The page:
In the early days of my learning-to-cook journey, (before Al Gore invented the Internet), I was a sucker for just about any cookbook that had “Vegetarian” in the title. My library was impressive. It took a cross-country move (i.e., packing) for me to realize I didn’t cook from most of those books. Some had a couple dog-eared pages with smears of dried sauce, signifying my go-to recipes. But the rest? Inspired writing, and hunger-inducing, air-brushed food photography do not always translate into useful cookbooks. I gave many of them away. (Today, I’d deposit them in my Little Free Library, but those weren’t invented yet, either).
Now, here’s how I buy a cookbook.
First, I read a review by a trusted source, the New York Times Best Cookbooks lists (sorry if you hit a paywall); Bon Appetit; or vegan.com. Then, if my interest is piqued, I walk down the block to my favorite bookstore, plop onto the floor in front of the Cooking Section, and study the recipe list of the book(s) I’m considering. Will I make at least half of the dishes? If not, the book — no matter how sublime the photography — goes back onto the shelf.
Buyer Beware: These days, social media food influencers are cranking out cookbooks faster than it takes a mustard seed to pop. If an Instagram star is popular enough to land a book deal, chances are you can find dozens, likely hundreds, of her recipes on-line. For free. That said, some are huge talents, whom I want to support. When that’s the case, I walk down the block to my local bookstore …. (see above).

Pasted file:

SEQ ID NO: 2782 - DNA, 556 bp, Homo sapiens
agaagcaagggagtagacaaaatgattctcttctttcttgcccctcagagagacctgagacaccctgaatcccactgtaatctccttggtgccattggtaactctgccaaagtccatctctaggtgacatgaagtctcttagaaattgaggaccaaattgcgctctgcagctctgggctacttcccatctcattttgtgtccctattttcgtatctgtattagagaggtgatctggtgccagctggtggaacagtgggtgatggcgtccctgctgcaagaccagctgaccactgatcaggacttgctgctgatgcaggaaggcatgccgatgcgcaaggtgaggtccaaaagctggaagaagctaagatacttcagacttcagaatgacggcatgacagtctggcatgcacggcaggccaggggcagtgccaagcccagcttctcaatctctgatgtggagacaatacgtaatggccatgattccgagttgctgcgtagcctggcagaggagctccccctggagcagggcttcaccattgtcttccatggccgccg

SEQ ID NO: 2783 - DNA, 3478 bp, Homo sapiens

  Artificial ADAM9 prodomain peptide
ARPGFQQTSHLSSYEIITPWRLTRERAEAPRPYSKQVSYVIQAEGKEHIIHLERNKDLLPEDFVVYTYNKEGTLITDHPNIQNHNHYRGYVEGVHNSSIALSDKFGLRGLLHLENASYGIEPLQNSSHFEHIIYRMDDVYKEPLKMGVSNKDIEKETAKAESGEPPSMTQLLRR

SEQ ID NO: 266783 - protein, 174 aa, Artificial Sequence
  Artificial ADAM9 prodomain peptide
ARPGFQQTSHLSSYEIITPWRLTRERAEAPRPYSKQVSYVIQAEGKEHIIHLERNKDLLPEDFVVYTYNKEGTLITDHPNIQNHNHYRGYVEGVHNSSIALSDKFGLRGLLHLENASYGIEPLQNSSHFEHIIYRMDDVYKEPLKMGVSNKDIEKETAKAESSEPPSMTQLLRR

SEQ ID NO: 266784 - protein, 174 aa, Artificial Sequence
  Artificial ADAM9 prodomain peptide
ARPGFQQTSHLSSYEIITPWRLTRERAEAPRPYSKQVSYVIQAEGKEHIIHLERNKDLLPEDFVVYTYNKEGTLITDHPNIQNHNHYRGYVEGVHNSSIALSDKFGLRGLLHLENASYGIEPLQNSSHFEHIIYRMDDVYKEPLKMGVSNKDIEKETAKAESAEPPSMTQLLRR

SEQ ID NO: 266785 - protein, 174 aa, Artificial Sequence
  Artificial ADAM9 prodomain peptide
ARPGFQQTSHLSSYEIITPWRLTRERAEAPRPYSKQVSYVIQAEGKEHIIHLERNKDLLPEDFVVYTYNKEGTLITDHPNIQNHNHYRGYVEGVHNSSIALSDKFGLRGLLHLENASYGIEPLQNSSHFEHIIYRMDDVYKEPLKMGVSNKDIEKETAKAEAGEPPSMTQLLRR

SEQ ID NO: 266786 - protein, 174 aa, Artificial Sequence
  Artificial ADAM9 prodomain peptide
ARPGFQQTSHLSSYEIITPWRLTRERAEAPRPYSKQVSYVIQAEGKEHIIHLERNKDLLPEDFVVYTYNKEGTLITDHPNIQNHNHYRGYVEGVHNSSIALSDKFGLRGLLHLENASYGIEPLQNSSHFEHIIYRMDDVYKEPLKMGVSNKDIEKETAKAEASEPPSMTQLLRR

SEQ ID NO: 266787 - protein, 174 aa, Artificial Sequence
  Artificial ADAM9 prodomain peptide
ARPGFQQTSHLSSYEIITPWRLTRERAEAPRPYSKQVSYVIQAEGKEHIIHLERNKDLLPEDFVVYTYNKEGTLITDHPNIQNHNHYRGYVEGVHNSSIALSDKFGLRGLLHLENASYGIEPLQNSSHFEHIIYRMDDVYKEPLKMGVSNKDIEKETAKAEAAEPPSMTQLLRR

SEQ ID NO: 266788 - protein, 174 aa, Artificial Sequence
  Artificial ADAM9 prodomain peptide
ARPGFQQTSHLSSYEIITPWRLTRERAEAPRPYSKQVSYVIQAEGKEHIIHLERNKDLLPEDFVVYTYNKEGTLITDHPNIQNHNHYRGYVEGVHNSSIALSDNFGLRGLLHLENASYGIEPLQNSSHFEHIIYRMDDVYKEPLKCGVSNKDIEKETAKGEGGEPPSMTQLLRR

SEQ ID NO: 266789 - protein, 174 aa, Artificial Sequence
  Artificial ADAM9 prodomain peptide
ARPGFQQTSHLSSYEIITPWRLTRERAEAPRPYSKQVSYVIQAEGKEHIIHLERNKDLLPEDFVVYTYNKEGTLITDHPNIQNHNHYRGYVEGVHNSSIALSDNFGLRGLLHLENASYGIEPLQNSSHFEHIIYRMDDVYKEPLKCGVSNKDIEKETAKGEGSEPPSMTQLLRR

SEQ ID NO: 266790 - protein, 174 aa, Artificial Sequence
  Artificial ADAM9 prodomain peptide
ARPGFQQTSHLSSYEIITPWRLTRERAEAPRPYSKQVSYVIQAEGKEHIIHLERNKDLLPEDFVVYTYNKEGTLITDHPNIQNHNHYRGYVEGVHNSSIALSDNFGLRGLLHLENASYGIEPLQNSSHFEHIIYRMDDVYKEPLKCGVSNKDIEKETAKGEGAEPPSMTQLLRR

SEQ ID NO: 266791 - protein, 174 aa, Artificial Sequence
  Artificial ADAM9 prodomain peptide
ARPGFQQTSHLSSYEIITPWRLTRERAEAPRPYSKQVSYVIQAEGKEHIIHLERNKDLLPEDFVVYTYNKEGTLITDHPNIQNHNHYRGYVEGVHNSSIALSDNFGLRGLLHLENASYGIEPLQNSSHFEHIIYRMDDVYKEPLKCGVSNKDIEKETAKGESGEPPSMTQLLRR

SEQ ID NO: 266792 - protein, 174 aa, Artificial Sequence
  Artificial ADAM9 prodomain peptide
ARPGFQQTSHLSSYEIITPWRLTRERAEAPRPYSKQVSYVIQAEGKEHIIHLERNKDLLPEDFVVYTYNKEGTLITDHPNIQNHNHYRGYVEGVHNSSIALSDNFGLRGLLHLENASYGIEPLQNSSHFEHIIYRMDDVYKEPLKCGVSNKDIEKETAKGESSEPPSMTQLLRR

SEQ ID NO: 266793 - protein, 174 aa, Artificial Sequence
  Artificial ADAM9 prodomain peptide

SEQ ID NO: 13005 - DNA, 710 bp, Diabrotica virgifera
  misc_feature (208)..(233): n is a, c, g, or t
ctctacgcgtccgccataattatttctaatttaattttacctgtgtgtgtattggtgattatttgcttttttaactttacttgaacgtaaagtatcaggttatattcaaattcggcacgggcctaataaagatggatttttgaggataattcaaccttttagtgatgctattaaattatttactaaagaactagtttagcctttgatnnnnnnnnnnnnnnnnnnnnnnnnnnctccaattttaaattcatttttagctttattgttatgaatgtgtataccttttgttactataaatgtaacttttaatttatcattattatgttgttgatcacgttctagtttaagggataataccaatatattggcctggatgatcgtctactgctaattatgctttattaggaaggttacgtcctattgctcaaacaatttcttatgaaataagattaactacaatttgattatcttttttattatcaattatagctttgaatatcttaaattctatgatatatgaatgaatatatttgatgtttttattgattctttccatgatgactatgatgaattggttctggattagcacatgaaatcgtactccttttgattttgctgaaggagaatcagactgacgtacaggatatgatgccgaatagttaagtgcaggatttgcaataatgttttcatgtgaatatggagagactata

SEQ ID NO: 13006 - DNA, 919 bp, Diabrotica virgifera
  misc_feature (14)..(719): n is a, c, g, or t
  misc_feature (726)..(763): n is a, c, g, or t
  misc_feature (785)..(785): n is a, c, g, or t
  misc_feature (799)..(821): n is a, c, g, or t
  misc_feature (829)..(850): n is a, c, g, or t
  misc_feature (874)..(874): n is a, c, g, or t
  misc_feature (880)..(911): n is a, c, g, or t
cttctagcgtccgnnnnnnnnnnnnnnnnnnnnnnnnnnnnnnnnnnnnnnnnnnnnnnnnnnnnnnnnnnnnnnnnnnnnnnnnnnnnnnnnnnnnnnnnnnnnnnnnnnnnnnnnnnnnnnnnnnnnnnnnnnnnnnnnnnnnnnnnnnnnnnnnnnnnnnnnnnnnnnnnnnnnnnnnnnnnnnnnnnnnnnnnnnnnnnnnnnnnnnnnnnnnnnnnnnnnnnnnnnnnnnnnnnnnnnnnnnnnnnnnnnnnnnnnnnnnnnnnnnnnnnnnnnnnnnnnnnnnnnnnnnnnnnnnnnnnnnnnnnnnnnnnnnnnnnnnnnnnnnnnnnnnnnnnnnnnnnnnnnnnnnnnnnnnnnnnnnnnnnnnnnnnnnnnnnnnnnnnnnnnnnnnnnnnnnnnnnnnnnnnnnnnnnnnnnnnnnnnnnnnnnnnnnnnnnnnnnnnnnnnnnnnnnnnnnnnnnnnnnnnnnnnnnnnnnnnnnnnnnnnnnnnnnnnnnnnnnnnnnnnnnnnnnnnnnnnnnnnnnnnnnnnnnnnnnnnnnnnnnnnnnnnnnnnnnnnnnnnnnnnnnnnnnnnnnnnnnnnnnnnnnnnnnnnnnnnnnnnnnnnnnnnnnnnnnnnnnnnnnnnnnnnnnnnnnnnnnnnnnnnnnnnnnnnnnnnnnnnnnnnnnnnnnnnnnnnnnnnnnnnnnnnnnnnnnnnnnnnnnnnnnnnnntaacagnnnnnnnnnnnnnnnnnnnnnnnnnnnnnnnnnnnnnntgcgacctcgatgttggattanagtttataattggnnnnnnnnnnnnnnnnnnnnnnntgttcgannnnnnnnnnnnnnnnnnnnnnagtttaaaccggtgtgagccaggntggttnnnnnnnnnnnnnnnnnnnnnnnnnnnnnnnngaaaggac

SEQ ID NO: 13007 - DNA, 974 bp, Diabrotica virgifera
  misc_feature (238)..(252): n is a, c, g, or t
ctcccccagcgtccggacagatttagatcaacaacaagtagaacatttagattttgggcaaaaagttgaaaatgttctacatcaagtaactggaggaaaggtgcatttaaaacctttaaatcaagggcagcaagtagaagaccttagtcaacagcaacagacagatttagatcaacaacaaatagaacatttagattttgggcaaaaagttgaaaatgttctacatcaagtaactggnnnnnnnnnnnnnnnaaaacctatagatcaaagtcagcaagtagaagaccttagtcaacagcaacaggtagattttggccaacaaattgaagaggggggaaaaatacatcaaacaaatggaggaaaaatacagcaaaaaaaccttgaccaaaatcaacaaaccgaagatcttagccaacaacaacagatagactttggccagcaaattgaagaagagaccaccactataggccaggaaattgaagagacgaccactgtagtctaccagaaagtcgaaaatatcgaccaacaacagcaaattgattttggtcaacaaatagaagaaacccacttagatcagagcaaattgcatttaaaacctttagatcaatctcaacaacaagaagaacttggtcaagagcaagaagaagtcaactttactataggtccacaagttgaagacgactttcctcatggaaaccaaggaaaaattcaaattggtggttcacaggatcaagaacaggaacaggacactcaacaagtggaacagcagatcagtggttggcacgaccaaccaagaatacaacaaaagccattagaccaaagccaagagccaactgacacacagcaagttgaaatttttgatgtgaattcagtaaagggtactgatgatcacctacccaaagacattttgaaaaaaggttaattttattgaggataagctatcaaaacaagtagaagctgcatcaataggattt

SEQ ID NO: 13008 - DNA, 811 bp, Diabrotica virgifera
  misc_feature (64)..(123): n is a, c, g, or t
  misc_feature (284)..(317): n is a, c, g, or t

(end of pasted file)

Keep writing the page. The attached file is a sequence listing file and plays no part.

My 10 Favorite Cookbooks
- East, by Meera Sodha. Possibly my favorite cookbook ever, new takes on recipes “from Bangalore to Beijing.” This was my COVID project: I cooked almost every recipe in this book.
- Isa Does It, by Isa Moskowitz. Isa’s recipes are easy to follow, and work. The ingredients are simple and accessible; the way Isa combines them is nothing short of genius. (You can tell how much I’ve used this book by it’s damaged spine in the photo).
- Veganomicon, by Isa Moskowitz. See #1, above. I have the 2007 edition, and there’s a “newer” one from 2017. Should I buy it?
- I Can Cook Vegan, by Isa Moskowitz. See #1, above.
- Love Soup, by Anna Thomas. I love making soup, and I love this soup-making book. The author dedicates her book “To the farmers, and to all the workers who labor in the fields and the orchards.” It made me tear up. Really.
- Vegetarian India, Madhur Jaffrey. Jaffrey’s written a number of cookbooks, I assume all as excellent as this one. But this is the one I have. Her recipes are simple, delicious, and doable for the home cook. May require a trip to an Asian food store for spices.
- Love Real Food, by Kathryne Taylor. This was the first cookbook I bought after following someone on-line. Taylor’s recipes are straight-forward, her salads and dressings are stand-outs, and most recipes can be made in under 30-minutes.
- Viva Vegan, by Terry Hope Romero. Empanadas, tacos, tamales, inspired plant-based Latin cooking. Every time I make the sweet potato chipotle tacos from this book I proclaim, “this is my favorite meal.” Then, my husband Max reminds me, “you say that about a lot of meals.”
- Minimalist Baker’s Everyday Cooking, by Dana Shultz. Another cookbook author with a strong on-line presence. Shultz’s website and books make most “Best of” lists, and it’s easy to understand why. Her specialty is “10 ingredients or less” recipes, perfect for weekday nights.
- The Buddhist Chef, by Jean-Philippe Cyr. The most recent addition to my cookbook library, sent to me by a Canadian friend, who couldn’t believe I hadn’t heard of this guy. So far, I’ve made about a quarter of the recipes, and each one is a repeater.
Special Mention: The Flavor Bible, by Karen Page. This is not a recipe book. It’s a history of vegetarian and plant-based gastronomy, a nutrition primer, an A-Z guide to the herbs and spices that best enhance fruits and vegetables, and tips for combining ingredients for maximal flavor. It’s a Geek’s Guide to Plant-Based Cooking.
Caveat: Some of the favorites on my list are vegetarian, not 100% plant-based. Most of the vegetarian recipes are easily vegan-ized.